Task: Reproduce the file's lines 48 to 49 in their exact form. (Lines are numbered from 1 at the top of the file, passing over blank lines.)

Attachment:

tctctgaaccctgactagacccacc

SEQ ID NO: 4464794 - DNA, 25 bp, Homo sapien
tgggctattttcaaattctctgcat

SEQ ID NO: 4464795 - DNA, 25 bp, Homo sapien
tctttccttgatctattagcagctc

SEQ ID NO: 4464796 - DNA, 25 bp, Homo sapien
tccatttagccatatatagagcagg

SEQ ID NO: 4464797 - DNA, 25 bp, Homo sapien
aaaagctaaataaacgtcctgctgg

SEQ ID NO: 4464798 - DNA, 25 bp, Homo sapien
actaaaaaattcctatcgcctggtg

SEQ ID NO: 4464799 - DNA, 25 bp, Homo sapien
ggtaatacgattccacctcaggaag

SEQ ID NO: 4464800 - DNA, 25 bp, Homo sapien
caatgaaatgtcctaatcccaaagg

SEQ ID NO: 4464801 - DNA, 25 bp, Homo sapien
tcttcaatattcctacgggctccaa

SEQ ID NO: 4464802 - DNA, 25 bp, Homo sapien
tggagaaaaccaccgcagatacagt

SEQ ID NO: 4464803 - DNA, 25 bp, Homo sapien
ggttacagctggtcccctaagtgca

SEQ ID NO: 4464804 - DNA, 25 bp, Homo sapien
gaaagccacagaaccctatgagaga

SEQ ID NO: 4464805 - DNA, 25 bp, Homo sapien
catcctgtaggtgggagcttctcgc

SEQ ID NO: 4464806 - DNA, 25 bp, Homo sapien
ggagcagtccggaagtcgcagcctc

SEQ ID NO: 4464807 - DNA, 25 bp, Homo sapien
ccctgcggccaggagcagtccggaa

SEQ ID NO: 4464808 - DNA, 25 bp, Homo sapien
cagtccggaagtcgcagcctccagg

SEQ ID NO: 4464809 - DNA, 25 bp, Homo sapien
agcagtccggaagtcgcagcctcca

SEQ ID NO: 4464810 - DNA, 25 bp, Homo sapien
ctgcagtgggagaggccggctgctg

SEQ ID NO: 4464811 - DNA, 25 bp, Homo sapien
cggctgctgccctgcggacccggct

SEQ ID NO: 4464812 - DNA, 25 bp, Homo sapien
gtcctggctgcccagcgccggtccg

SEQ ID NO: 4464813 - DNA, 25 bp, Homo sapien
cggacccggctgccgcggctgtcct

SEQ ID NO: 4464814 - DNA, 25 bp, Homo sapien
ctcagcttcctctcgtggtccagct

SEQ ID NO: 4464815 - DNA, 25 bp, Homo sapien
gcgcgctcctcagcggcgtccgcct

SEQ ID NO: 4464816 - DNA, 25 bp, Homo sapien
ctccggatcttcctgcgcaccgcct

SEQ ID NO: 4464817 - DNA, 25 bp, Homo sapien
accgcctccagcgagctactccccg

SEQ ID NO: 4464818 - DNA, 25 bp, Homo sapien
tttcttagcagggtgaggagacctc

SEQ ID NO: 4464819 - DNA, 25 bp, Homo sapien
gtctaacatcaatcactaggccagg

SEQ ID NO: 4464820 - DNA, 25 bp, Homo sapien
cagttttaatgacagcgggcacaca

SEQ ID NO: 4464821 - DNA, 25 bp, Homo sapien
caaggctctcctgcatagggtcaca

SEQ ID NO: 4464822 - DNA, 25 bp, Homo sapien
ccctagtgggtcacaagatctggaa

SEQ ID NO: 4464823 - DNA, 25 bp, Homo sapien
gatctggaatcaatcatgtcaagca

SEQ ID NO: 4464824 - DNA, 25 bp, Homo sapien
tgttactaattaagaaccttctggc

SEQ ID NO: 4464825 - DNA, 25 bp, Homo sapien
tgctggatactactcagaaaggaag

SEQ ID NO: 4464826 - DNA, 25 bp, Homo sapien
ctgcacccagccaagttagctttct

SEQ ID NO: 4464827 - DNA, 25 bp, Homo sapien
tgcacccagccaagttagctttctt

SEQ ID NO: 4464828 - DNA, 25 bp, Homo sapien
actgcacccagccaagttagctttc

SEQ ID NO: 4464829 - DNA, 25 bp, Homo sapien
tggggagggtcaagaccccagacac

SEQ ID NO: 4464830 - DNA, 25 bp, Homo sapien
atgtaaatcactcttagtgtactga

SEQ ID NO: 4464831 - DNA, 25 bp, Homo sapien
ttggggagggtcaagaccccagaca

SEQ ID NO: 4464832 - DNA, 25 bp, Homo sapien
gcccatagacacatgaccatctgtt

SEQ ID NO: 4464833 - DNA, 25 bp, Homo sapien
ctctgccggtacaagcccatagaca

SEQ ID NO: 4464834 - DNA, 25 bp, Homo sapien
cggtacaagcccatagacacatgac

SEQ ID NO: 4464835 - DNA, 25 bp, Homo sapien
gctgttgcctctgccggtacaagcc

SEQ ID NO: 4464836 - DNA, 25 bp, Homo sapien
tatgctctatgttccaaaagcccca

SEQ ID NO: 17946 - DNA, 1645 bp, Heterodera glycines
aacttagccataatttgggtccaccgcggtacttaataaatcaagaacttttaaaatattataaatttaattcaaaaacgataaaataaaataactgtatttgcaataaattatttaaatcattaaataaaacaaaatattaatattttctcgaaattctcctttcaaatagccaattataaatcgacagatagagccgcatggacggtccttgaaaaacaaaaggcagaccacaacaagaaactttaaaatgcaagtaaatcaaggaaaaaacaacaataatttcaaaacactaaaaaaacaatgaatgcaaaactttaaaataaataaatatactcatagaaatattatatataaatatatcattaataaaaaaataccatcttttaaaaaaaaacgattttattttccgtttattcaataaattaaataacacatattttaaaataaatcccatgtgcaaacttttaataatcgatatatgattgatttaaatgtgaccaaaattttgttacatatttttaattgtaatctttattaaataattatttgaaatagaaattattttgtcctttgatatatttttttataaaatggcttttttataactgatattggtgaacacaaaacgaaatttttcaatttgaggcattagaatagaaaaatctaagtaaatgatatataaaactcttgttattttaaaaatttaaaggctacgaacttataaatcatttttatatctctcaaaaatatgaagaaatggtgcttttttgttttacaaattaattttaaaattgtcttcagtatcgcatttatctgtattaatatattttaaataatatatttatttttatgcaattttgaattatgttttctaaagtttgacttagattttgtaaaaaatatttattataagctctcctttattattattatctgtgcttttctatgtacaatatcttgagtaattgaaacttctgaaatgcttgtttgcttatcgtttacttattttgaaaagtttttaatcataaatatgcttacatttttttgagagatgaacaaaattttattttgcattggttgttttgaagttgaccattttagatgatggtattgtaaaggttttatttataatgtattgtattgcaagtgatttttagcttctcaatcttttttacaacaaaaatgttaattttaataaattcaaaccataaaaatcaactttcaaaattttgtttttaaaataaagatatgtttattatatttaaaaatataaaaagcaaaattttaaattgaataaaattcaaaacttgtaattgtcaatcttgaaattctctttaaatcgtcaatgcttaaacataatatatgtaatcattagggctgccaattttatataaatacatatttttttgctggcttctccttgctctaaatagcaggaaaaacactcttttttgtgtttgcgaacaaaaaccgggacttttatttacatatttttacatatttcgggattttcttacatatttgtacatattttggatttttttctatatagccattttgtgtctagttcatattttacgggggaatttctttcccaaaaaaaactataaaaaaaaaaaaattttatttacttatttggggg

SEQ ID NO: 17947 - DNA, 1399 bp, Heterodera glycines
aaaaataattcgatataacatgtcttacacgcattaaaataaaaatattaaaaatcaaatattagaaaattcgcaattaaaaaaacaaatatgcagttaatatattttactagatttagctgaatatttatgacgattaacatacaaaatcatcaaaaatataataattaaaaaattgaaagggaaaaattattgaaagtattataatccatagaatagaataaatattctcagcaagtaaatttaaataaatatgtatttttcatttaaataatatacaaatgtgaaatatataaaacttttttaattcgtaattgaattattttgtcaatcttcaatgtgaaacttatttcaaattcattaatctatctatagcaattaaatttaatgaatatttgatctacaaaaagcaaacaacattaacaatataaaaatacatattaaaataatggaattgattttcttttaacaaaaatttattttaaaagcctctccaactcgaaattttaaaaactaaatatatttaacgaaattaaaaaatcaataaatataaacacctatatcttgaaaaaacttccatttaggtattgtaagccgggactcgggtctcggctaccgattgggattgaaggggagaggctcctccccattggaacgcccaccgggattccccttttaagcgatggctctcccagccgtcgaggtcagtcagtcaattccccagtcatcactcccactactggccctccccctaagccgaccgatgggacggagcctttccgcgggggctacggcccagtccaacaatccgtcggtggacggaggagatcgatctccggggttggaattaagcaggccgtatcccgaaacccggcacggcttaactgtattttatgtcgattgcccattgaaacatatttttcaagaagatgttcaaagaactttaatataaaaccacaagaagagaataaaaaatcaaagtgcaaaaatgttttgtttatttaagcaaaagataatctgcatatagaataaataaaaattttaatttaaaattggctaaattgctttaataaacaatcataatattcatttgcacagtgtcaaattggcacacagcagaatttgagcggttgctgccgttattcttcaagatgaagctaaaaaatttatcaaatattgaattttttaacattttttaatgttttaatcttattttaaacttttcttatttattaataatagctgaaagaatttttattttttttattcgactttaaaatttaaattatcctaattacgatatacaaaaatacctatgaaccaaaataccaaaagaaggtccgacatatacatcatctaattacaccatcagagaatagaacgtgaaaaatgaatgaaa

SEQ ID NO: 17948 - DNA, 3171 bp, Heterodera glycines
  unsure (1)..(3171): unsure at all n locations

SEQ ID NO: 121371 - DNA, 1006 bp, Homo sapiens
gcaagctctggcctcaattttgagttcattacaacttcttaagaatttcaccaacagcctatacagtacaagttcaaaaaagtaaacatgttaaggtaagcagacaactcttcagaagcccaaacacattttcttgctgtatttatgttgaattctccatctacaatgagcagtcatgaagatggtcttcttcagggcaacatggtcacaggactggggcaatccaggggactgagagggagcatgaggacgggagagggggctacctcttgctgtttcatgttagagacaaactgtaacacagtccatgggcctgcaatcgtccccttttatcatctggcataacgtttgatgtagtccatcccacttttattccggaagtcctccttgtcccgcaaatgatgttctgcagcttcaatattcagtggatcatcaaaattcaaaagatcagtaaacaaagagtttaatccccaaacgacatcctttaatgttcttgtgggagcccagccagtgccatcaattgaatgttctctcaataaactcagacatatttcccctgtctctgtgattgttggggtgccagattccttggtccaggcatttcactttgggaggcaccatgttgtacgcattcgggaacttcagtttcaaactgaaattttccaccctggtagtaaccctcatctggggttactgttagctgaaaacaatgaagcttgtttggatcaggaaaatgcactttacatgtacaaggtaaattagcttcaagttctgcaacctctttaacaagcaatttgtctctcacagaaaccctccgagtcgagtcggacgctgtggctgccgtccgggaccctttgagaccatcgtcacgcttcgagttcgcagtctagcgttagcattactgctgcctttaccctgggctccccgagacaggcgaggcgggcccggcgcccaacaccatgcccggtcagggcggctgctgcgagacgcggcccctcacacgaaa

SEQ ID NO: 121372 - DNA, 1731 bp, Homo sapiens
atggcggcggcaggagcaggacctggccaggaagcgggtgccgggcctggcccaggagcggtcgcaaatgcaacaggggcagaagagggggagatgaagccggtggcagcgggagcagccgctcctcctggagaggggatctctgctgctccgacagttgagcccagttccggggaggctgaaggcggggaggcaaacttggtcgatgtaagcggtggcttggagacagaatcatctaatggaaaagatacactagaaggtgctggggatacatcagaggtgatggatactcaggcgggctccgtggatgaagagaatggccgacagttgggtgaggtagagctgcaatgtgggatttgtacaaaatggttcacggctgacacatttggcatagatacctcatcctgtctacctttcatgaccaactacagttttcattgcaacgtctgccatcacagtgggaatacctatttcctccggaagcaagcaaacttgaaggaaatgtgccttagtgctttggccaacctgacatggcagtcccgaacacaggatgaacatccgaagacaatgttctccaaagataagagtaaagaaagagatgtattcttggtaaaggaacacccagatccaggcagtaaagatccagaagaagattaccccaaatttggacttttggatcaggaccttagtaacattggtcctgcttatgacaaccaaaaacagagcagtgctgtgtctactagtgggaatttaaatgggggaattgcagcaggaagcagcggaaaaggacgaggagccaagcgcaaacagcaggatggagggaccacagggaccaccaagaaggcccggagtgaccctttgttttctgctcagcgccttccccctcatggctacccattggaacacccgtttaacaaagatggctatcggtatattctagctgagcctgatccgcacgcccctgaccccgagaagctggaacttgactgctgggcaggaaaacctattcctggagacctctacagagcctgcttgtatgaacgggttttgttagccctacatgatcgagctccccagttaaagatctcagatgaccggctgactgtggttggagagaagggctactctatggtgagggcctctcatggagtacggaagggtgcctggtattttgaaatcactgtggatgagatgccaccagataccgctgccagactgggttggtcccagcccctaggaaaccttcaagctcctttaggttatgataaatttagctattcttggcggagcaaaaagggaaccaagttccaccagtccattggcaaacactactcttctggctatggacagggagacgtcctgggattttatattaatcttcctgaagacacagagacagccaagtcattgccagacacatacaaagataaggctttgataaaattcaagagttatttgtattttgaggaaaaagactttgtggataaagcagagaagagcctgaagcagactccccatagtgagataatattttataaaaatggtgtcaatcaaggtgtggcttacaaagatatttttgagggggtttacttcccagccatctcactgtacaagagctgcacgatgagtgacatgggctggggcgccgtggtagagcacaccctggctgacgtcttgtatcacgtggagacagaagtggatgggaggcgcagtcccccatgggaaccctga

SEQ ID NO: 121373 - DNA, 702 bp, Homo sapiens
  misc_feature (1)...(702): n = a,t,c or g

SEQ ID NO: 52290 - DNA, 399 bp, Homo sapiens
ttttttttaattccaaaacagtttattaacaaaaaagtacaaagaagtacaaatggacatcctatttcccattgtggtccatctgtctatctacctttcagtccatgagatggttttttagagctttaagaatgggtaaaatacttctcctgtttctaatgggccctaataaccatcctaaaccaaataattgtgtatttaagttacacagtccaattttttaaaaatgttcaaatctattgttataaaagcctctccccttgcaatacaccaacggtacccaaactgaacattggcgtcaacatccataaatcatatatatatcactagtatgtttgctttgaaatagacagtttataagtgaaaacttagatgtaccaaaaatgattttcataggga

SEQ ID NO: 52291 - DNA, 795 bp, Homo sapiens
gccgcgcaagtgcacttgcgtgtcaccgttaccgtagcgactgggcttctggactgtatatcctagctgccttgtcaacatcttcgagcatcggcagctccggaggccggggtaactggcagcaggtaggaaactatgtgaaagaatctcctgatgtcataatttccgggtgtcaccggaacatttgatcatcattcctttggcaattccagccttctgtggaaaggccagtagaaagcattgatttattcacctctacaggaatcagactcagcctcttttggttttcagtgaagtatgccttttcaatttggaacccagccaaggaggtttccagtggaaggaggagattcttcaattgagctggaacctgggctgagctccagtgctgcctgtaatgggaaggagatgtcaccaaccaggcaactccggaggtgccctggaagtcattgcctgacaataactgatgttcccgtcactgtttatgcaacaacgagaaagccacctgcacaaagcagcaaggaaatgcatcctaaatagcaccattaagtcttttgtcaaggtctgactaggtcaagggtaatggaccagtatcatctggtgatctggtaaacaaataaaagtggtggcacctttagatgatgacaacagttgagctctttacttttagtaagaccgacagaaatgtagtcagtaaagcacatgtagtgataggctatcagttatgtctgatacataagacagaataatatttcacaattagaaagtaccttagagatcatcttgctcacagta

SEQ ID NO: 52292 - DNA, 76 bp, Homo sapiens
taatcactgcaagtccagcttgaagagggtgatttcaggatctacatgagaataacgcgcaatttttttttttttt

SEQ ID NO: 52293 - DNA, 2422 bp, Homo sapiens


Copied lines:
SEQ ID NO: 4464817 - DNA, 25 bp, Homo sapien
accgcctccagcgagctactccccg